Many farmers have been experiencing very dry conditions for up to six weeks making life very difficult for those who opted for urea as their prime source of nitrogen this season.
Masstock's crop nutrition specialist David Langton
“Urea and warm dry weather don’t mix,” says Masstock’s crop nutrition specialist David Langton. “N losses from volatilisation are likely to be very high when urea is applied under such conditions,” he warns. “Our advice is to check local weather forecasts and delay applications until rain is forecast.”
The weather this spring has underlined what every farmer already knows – urea is a riskier option. However when purchasing decisions were being made the price differential between urea and the alternative, ammonium nitrate, was wide enough for many farmers to take a risk with urea. Unfortunately that decision may have put yields at risk as it has proved difficult to get urea on when the crop has needed it.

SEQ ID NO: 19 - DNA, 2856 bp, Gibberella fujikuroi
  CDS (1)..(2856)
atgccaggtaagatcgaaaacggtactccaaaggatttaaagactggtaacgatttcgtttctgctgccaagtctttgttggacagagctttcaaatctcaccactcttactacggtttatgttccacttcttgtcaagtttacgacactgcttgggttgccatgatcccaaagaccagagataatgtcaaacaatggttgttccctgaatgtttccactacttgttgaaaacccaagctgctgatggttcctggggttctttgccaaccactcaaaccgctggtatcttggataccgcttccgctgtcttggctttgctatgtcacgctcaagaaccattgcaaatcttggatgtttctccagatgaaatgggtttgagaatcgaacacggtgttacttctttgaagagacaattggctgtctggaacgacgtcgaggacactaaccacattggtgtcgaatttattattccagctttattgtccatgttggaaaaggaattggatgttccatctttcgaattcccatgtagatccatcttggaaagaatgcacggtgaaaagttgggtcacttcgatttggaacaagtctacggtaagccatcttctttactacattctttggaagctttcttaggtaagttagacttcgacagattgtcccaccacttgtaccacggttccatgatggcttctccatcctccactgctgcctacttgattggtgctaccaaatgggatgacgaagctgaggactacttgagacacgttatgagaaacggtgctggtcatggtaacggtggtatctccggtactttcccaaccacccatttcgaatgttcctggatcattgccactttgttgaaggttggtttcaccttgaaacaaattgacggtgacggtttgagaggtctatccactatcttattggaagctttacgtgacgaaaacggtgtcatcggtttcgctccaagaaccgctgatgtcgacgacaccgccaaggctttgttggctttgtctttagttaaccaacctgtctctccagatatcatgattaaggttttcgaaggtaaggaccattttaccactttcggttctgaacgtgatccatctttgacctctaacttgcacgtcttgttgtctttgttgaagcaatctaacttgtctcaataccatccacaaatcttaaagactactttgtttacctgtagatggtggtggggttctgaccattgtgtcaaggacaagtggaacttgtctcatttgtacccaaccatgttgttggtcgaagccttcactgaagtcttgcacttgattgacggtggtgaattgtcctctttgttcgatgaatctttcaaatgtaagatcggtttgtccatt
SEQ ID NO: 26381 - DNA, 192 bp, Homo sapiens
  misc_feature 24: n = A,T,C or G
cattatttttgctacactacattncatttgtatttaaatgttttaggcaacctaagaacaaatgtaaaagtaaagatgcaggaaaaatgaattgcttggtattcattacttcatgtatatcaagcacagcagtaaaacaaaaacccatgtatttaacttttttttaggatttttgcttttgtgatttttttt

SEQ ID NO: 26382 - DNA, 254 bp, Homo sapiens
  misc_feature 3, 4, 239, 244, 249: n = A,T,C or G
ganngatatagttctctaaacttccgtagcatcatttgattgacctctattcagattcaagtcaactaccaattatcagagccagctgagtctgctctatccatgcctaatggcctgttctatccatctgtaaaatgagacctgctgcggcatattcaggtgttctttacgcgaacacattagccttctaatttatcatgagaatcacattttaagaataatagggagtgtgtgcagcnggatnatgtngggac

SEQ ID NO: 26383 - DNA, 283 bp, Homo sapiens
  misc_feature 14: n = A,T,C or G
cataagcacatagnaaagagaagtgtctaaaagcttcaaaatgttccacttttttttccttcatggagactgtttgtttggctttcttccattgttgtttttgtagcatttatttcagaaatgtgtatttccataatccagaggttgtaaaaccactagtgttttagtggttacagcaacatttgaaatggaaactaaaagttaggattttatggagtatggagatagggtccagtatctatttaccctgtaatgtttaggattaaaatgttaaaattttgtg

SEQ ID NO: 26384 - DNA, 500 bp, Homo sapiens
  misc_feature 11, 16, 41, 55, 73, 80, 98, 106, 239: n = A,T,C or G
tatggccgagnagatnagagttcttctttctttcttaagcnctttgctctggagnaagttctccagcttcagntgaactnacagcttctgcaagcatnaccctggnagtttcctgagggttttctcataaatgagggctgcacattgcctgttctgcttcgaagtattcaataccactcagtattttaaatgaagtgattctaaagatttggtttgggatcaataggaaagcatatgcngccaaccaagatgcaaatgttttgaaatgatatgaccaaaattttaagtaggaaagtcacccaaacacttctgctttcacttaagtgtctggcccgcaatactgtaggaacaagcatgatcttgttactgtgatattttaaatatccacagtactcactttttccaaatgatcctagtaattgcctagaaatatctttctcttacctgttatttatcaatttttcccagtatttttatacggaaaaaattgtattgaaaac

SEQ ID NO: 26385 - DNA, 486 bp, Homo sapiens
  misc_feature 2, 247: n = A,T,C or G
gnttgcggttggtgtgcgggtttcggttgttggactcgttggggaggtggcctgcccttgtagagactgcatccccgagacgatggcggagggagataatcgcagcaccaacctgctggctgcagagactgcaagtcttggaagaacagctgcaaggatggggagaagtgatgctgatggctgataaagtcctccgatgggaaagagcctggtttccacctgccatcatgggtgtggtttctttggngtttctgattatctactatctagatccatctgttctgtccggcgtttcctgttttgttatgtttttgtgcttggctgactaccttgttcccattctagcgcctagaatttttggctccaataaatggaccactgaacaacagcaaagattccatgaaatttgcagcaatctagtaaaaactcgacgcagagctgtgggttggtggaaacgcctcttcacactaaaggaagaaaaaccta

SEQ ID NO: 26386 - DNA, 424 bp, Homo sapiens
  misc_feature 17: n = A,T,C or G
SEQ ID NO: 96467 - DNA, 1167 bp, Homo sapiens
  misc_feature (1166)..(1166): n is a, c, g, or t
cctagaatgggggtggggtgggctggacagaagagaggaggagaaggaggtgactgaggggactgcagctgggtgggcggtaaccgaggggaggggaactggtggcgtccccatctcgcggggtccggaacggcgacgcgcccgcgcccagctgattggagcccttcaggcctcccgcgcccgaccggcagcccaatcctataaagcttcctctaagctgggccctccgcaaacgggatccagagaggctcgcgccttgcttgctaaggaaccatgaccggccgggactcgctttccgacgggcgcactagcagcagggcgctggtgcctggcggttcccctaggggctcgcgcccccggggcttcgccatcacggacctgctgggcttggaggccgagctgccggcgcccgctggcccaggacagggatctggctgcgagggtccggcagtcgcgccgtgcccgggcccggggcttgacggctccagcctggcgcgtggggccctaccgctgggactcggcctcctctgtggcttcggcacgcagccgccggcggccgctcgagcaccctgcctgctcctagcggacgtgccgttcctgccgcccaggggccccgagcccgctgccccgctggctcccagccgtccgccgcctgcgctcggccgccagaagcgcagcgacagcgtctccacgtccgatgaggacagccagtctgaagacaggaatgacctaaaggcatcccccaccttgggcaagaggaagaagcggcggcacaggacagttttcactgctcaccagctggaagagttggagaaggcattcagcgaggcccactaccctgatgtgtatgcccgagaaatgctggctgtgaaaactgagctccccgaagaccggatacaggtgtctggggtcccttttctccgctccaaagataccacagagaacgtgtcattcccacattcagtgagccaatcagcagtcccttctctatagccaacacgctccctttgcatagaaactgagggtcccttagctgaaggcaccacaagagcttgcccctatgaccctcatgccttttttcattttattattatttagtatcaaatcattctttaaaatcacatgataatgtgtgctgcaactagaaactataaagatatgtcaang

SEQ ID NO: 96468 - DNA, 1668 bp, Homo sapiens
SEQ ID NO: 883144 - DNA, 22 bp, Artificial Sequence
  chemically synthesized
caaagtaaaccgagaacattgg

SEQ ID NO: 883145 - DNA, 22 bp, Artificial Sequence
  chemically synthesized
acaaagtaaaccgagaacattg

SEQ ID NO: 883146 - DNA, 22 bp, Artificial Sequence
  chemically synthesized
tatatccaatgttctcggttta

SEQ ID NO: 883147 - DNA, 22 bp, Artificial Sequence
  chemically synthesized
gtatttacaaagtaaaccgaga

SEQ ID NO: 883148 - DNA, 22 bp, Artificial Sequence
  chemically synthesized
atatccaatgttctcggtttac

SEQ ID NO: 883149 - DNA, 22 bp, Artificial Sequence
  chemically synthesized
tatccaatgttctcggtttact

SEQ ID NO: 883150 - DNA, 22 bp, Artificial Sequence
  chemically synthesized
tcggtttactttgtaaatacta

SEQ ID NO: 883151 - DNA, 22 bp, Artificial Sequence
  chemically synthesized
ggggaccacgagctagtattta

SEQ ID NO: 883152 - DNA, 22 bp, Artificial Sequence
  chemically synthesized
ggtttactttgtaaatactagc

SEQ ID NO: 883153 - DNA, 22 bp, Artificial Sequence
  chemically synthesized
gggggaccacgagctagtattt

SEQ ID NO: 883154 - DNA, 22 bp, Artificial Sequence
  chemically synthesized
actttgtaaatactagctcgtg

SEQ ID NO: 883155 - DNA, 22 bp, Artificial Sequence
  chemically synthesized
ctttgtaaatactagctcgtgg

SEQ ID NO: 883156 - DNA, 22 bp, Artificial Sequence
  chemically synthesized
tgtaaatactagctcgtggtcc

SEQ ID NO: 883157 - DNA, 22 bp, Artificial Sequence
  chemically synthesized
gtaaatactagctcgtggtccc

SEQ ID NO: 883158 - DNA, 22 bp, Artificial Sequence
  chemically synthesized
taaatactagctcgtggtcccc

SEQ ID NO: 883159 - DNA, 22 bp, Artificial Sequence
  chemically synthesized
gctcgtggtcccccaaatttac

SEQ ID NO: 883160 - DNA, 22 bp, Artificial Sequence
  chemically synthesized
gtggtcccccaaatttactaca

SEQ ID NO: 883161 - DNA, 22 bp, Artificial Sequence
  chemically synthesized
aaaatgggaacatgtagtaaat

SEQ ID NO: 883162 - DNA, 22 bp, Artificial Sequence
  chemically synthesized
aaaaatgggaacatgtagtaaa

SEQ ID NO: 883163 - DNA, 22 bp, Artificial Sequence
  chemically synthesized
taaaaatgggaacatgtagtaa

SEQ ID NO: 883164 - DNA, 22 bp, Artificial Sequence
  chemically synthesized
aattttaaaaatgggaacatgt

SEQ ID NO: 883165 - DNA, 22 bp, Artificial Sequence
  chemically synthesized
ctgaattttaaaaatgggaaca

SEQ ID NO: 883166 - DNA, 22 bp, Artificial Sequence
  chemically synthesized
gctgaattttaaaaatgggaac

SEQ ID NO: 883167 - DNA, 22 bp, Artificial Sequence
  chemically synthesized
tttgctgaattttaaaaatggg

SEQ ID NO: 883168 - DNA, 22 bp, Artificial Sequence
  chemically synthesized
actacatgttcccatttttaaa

“Farmers have been holding back on applications waiting for better weather conditions to minimise volatilisation losses,” adds David. “We’re already seeing fields where earlier applications of urea just haven’t done the job required - you can see the difference.”
“The problem is made worse as we really cannot predict with any certainty how much N will be lost. Research has shown this is very variable. It might be 0% but it could just as easily be 30% or even more than half the N lost; we just don’t know. That makes upping rates to compensate too much of a lottery,” he says.
“We know that ammonium nitrate will always be the more reliable product and with four out of the last eight springs being dry there’s a 50% chance of a dry spring and that makes using urea a high risk strategy,” he concludes.
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